State and federal officials are issuing familiar warnings to Louisiana residents as the coronavirus pandemic once again takes a firm grip on the state: Hospitals are on track to being overwhelmed, more restrictions may be needed and things will get worse before they get better.
Louisiana for weeks avoided the unprecedented surge in cases and hospitalizations happening around the country, though officials have worried about what they believed was the start of an increase. Now, Gov. John Bel Edwards and his top coronavirus leaders are seeing their fears realized.
“The luck has run out,” said Dr. Joe Kanter, the state’s top coronavirus response official. “This is our third surge. So people’s mindset needs to change.”
Edwards and health leaders – including a doctor who has for months treated critically ill COVID-19 patients at the state’s largest hospital, Our Lady of the Lake Regional Medical Center in Baton Rouge – pleaded with people not to hold large Thanksgiving gatherings.
The U.S. Centers for Disease Control made a similar plea, advising people not to travel for the holiday and not to spend it with people from outside their household.
The White House Coronavirus Task Force, in its weekly report to Louisiana, wrote “current mitigation efforts are inadequate and must be increased to flatten the curve to sustain the health system for both COVID and non-COVID emergencies.” State and federal officials have used the term “mitigation measures” interchangeably with restrictions that remain in place, like reduced capacity at bars and restaurants and a mask mandate.
Louisiana has added more than 250 hospitalizations in the past week, a trajectory that officials say will overwhelm hospitals if it doesn’t change.
The governor delivered remarks that were eerily similar to those given as the state was experiencing similar surges twice before this year. He said hospitalizations were the “most concerning” trend.
While he didn’t announce new restrictions, Edwards said his administration is reviewing the data and contemplating ratcheting them back up. He said he doesn’t intend to go back to a “shelter-at-home” order like the one issued in March, when the pandemic was raging in the New Orleans area.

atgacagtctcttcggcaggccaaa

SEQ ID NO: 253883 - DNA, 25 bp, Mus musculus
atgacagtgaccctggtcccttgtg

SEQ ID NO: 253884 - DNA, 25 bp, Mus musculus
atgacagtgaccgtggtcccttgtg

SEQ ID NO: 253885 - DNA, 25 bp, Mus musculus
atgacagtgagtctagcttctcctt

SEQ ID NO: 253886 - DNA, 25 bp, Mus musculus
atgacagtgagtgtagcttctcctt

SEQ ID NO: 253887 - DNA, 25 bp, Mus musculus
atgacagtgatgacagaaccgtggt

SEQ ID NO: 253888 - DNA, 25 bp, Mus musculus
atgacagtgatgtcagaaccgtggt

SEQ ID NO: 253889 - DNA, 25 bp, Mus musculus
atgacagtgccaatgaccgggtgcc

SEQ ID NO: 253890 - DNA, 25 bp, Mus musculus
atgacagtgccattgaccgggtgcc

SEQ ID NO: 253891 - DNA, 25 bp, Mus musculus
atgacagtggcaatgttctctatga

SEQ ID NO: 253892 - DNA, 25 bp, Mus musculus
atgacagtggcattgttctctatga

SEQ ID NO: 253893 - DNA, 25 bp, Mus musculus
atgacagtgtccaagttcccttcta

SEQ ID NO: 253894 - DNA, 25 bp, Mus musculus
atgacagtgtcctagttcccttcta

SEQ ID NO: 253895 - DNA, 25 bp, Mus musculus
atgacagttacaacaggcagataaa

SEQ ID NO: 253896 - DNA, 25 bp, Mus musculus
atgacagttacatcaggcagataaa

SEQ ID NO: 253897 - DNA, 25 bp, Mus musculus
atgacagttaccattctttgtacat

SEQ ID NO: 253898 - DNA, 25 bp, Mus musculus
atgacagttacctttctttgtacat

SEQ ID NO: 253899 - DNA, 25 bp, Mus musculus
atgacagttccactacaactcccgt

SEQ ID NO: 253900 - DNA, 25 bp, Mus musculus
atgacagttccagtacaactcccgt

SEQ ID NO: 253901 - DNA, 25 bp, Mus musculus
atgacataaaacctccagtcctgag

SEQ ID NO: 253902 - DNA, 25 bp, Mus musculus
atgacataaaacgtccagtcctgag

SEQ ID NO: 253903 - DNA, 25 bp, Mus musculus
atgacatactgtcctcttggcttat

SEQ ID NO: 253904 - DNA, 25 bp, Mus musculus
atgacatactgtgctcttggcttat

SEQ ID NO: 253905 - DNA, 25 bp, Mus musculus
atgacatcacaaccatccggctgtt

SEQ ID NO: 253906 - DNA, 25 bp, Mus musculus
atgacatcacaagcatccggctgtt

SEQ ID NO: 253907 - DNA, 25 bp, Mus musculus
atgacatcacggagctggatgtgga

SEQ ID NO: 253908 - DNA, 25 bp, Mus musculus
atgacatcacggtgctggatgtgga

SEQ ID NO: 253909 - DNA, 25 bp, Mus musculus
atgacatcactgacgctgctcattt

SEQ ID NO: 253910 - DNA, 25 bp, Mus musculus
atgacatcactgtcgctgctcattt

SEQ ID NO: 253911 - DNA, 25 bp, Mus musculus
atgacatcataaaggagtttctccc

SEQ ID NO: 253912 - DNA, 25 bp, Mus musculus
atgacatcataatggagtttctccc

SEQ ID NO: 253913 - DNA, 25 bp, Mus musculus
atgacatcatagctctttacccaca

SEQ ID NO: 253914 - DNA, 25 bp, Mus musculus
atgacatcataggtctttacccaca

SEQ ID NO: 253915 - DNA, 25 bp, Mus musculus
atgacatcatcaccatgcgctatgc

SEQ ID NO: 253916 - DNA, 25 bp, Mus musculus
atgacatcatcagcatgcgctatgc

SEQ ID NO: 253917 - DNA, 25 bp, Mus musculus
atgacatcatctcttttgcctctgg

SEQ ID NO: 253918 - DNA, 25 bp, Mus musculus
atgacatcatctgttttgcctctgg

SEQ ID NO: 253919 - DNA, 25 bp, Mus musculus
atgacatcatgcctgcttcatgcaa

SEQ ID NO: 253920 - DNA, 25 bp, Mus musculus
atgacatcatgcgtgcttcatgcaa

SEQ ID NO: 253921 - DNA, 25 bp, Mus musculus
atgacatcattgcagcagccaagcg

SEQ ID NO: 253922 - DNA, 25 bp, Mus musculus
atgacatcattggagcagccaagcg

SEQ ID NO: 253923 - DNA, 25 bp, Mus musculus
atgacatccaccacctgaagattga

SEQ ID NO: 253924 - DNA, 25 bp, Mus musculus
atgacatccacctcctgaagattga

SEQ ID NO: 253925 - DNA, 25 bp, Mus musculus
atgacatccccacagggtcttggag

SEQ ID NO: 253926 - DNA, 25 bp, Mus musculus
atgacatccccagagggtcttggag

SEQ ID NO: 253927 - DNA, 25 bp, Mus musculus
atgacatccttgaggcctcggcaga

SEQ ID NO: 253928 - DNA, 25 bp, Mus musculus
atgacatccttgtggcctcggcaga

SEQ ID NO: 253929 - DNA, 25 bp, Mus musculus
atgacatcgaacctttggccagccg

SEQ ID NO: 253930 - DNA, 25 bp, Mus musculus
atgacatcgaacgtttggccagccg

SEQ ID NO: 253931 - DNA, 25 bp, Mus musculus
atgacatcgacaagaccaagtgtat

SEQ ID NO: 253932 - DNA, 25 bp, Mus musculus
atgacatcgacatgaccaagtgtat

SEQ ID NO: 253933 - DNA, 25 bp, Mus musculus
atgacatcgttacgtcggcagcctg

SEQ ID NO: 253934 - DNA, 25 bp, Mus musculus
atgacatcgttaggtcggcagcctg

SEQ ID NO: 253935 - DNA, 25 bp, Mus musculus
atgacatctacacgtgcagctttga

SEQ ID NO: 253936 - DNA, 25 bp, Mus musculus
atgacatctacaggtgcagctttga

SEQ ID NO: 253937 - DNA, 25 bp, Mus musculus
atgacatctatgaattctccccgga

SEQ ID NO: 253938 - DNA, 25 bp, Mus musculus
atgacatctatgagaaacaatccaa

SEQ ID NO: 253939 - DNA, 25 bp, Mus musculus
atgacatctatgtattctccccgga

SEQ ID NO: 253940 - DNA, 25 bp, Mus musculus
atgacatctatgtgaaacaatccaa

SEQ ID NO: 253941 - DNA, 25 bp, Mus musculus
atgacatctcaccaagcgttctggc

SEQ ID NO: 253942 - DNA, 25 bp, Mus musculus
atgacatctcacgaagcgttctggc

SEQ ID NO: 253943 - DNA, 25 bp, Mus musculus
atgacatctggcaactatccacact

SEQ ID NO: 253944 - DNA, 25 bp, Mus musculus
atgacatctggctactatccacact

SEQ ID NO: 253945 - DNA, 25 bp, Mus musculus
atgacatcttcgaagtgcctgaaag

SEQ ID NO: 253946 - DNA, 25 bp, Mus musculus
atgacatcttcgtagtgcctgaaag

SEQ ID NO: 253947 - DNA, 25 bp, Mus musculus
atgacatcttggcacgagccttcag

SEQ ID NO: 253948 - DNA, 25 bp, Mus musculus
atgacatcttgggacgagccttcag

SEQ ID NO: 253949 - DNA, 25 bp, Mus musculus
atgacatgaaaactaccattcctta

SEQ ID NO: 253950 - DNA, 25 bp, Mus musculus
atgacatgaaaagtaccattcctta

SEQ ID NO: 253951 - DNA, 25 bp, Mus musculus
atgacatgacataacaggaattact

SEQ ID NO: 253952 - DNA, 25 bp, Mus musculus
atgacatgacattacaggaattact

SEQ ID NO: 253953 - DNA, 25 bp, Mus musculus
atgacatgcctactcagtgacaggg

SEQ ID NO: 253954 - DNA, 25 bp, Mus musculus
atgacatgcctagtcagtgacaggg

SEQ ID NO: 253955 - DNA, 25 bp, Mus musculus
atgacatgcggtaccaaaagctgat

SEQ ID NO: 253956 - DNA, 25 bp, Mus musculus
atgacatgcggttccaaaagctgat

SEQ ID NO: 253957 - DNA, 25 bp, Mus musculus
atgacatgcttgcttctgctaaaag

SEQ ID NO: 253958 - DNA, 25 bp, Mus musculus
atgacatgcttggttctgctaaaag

“If we need to do additional restrictions, we are going to do that,” Edwards said. “My obligation to the people of Louisiana is to protect public health.”
Several states have already issued new restrictions. The country’s largest school system, in New York City, closed again as cases rise. Iowa’s Republican governor issued a limited mask mandate as hospitalizations soar in that state. GOP leaders in Utah, North Dakota and elsewhere similarly are changing course on restrictions and implementing measures to slow the spread of the virus.
The White House Coronavirus Task Force, led by Vice President Mike Pence, noted this week Louisiana is “experiencing a resurgence in COVID-19 with rising test positivity, cases and hospitalizations.”
“There is now aggressive, unrelenting, expanding broad community spread across the country, reaching most parishes, without evidence of improvement but rather, further deterioration,” the report said, citing rising cases, test positivity and other worsening metrics.
The task force includes Dr. Deborah Birx and Dr. Anthony Fauci, among other top health officials. Edwards participates in a regular call with the task force and other governors, and said the Monday call focused on the "bridge to the vaccine," which involves adhering to precautions between now and when the vaccine can immunize enough people to tamp down the spread, which is months away at best.
Louisiana is now in what the task force calls the “red zone” for cases, meaning more than 100 new cases per 100,000 population. The number in the state soared from under 100 new cases to 172 cases per 100,000.
The number of COVID-19 patients hospitalized has shot up at an alarming rate in recent days. In the past week, the number has risen by more than 200, to 929 people. That’s the highest number since late August, and an increase of 55 from the day before.
Bars have been the most scrutinized settings by health professionals and the Edwards administration. In Phase 3, which the state is currently in, he laid out a system where parishes could reopen bars if they saw two consecutive weeks of 5% or less test positivity.
But parishes must close down bars again if they see 10% or more test positivity for two consecutive weeks. Ascension and West Baton Rouge parishes are among those that have gained the ability to reopen bars, only to have to shut them back down.
State health officials Thursday said people need to make “sacrifices” this holiday season to avoid rampant spread of the virus between now and when a vaccine might immunize enough people to lift restrictions, which is likely months away.
Dr. Chris Thomas, a physician who has treated critically ill COVID-19 patients at Our Lady of the Lake for months, said the mounting stress of the pandemic has caused many of his colleagues to quit.
Thomas issued a stark plea to people to not hold Thanksgiving gatherings that will surely spread the virus, leading to needless hospitalizations and death.
Thomas said “every single” hospital in the state is at risk of seeing COVID-19 patients overwhelm their ability to deliver care.
OLOL was among the hospitals that received additional staff members to deal with a surge of patients in the summer, Thomas said. But officials worry that help won’t be available this time, as other parts of the country are tapping all available health care workers.
“At the current pace we will not have the capacity to do this again,” Thomas said. “We have the beds. What we don’t have is enough nurses in all of the beds in all of the hospitals in the state of Louisiana.”